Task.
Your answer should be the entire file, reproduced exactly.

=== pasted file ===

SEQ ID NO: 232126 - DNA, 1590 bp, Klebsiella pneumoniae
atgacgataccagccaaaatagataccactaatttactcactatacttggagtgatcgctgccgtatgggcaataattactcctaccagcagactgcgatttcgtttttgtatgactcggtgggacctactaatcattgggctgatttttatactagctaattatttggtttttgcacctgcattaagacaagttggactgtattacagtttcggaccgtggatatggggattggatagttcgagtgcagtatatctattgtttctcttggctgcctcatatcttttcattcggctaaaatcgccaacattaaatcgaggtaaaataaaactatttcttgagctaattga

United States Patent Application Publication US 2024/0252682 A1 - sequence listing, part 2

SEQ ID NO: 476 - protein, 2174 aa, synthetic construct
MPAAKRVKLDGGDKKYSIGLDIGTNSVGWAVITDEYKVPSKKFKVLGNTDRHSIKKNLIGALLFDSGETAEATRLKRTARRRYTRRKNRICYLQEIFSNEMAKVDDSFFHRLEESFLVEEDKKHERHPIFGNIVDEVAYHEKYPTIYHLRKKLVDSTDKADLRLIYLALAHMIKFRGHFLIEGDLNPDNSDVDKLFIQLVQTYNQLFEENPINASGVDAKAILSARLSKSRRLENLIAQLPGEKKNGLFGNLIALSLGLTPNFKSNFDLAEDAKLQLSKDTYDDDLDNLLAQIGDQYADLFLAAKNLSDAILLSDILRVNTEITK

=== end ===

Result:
SEQ ID NO: 232126 - DNA, 1590 bp, Klebsiella pneumoniae
atgacgataccagccaaaatagataccactaatttactcactatacttggagtgatcgctgccgtatgggcaataattactcctaccagcagactgcgatttcgtttttgtatgactcggtgggacctactaatcattgggctgatttttatactagctaattatttggtttttgcacctgcattaagacaagttggactgtattacagtttcggaccgtggatatggggattggatagttcgagtgcagtatatctattgtttctcttggctgcctcatatcttttcattcggctaaaatcgccaacattaaatcgaggtaaaataaaactatttcttgagctaattga

United States Patent Application Publication US 2024/0252682 A1 - sequence listing, part 2

SEQ ID NO: 476 - protein, 2174 aa, synthetic construct
MPAAKRVKLDGGDKKYSIGLDIGTNSVGWAVITDEYKVPSKKFKVLGNTDRHSIKKNLIGALLFDSGETAEATRLKRTARRRYTRRKNRICYLQEIFSNEMAKVDDSFFHRLEESFLVEEDKKHERHPIFGNIVDEVAYHEKYPTIYHLRKKLVDSTDKADLRLIYLALAHMIKFRGHFLIEGDLNPDNSDVDKLFIQLVQTYNQLFEENPINASGVDAKAILSARLSKSRRLENLIAQLPGEKKNGLFGNLIALSLGLTPNFKSNFDLAEDAKLQLSKDTYDDDLDNLLAQIGDQYADLFLAAKNLSDAILLSDILRVNTEITK